Wigram candidates battle over commercial water tax and Christchurch rebuild

Candidates for the Wigram seat, from left: Democrats for Social Credit's John Ring, New Zealand First's Tane Apanu, seat ...
JOHN KIRK-ANDERSON/STUFF

Candidates for the Wigram seat, from left: Democrats for Social Credit's John Ring, New Zealand First's Tane Apanu, seat incumbent Labour's Megan Woods, Green's Richard Wesley and National's David Hiatt at a public meeting on Sunday.

Labour's proposed tax on commercial water use and the Christchurch rebuild are emerging as the hot topics in the Wigram electorate – a potential hot seat this election.

Wigram has been held by Labour's Megan Woods since 2011 and before that by Alliance's Jim Anderton. But over the past few decades, the margin between blue and red has been narrowing and is within National's striking distance.

Wigram's five candidates battled it out for their electorate's votes on Sunday afternoon at the St Peter's Anglican Parish Hall in Upper Riccarton, where the water tax was the most discussed topic.

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Thirty-five members of the public, mostly middle-aged and older, attended the candidate debate between seat incumbent Woods, National's David Hiatt, New Zealand First's Tane Apanui, Green's Richard Wesley and the Democrats for Social Credit's John Ring.

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Hiatt said Labour's water policy would mean a more expensive New Zealand.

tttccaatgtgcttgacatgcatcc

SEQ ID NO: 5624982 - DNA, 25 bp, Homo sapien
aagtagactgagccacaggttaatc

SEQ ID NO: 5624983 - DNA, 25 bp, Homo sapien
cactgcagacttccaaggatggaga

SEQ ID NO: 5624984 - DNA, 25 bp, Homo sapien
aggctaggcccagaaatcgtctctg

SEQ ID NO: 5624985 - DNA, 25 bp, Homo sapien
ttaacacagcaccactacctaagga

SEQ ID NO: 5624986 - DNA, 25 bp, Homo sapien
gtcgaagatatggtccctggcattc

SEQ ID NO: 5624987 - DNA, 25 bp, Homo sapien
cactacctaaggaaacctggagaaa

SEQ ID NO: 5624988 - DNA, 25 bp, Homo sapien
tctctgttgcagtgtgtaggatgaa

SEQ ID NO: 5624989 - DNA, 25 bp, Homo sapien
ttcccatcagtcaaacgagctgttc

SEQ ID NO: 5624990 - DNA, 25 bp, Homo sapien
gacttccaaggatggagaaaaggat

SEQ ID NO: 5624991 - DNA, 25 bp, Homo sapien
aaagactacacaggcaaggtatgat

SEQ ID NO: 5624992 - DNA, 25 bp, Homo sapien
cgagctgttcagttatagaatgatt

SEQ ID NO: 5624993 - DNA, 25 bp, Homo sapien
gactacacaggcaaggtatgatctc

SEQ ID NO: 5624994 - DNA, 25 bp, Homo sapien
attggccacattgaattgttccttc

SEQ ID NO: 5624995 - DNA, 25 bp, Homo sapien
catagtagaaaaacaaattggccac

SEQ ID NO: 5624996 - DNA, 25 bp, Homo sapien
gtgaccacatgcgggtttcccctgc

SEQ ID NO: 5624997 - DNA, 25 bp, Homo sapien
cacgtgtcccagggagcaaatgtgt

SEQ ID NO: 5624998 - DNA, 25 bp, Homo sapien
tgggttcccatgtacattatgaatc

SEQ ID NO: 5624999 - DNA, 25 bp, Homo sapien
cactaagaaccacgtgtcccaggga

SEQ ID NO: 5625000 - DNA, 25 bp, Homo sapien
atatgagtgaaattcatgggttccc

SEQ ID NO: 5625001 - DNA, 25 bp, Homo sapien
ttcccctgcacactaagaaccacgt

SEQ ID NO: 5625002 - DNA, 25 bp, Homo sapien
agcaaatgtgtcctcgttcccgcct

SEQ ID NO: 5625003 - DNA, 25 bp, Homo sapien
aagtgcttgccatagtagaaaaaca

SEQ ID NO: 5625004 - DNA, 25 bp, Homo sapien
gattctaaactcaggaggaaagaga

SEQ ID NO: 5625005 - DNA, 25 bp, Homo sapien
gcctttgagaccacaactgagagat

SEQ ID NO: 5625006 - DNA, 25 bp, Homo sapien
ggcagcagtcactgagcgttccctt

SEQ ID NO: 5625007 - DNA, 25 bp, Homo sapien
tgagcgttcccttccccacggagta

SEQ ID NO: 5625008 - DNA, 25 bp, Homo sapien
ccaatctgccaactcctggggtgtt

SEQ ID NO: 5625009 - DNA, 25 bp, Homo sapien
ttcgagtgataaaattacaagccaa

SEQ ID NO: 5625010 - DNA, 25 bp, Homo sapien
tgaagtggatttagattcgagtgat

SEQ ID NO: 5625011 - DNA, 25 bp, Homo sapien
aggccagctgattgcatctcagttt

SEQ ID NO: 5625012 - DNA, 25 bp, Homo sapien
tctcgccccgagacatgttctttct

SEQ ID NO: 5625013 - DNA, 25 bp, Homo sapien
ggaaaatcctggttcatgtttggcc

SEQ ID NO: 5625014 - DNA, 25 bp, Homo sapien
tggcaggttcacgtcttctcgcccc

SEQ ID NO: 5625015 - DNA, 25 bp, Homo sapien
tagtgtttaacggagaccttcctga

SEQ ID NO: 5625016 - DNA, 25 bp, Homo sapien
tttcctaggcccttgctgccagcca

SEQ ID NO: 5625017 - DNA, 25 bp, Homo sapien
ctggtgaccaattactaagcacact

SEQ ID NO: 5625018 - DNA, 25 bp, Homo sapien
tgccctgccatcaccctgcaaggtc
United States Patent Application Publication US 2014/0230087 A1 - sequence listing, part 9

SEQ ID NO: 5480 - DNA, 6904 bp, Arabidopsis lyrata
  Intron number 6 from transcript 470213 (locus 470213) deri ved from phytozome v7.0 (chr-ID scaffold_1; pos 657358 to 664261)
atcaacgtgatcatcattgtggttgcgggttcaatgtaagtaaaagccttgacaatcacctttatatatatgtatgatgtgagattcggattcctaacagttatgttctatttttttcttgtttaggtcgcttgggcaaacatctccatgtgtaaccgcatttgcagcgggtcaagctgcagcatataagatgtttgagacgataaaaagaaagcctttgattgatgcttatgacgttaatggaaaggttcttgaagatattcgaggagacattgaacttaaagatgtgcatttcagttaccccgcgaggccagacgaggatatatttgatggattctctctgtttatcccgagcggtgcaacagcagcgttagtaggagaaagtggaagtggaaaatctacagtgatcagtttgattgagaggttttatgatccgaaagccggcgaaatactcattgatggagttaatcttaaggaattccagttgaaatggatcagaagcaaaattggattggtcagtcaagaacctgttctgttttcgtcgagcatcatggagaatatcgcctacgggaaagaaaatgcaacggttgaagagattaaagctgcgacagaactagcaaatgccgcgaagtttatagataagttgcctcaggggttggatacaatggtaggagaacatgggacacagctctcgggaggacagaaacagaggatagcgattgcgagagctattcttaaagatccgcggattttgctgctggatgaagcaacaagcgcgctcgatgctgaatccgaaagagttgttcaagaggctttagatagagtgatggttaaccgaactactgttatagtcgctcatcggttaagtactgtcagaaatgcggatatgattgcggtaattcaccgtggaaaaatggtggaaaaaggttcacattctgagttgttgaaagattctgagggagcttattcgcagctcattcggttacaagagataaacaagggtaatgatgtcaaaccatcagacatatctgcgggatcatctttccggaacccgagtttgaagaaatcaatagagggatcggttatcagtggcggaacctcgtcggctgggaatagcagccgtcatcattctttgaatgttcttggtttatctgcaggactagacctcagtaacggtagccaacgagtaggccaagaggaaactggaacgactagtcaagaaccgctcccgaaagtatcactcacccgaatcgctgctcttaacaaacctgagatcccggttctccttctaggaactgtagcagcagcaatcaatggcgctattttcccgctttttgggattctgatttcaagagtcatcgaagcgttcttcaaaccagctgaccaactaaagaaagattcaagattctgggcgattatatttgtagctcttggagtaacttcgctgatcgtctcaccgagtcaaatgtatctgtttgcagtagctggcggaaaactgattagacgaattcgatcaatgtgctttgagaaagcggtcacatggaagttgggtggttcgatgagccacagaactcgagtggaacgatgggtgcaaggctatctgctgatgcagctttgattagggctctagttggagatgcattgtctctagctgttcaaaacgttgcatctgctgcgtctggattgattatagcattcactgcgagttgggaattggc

Thirty-five members of the public, mostly middle-aged and older, attended the candidate debate at the St Peter's ...
JOHN KIRK-ANDERSON/STUFF

Thirty-five members of the public, mostly middle-aged and older, attended the candidate debate at the St Peter's Anglican Parish Hall in Upper Riccarton.

"It means a consumer pays system. We'll all end up paying more for milk, fruit and vegetables," he said.

He said Labour's West Coast-Tasman MP, Damien O'Connor, had not come out to support it, which showed he had reservations. Woods disputed this when she got up to speak and said all Labour MPs supported it.         

"All 31 members have had to come out and support this policy, I think it's unfair to single out Damien like that," she said.

Labour's proposed tax on commercial water use and the Christchurch rebuild emerged as the hot topics.
JOHN KIRK-ANDERSON/STUFF

Labour's proposed tax on commercial water use and the Christchurch rebuild emerged as the hot topics.

Wesley supported the tax, while Apanui described any sale of land to foreign entities as "abhorrent" and Ring said he would support whoever he was in coalition with.

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One audience member raised the concern that companies like Coca Cola Amatil would be exempt from Labour's proposed tax because they were linked in to city water assets. Woods said it was up to cities to decide whether they taxed water or not.

Another heated issue at the debate was the Christchurch rebuild, with all candidates but Hiatt expressing frustration with the amount of time it was taking.

Woods was scathing of the Government's role in the rebuild.

"Christchurch is slipping off the Government's radar. For Labour it is a frontbench position for us. We don't even kow who is going to own the Convention Centre," she said.

Hiatt said once the anchor projects were finished they would be world-class.

"We'd all love to have seen these projects delivered fast than they have been. The convention centre is kicking off next week," he said.

Apanui said Environment Canterbury seemed to have become the "enemy of the people", while Wesley also attacked the Government's role in the rebuild.

"They've been penny-pinching the entire time, taking control out of Christchurch City Council. We need our control back for our elected representatives," Wesley said.

Other issues raised were child poverty, homelessness in central Christchurch, euthanasia and the rebuild of St Peter's Church.

 - Stuff

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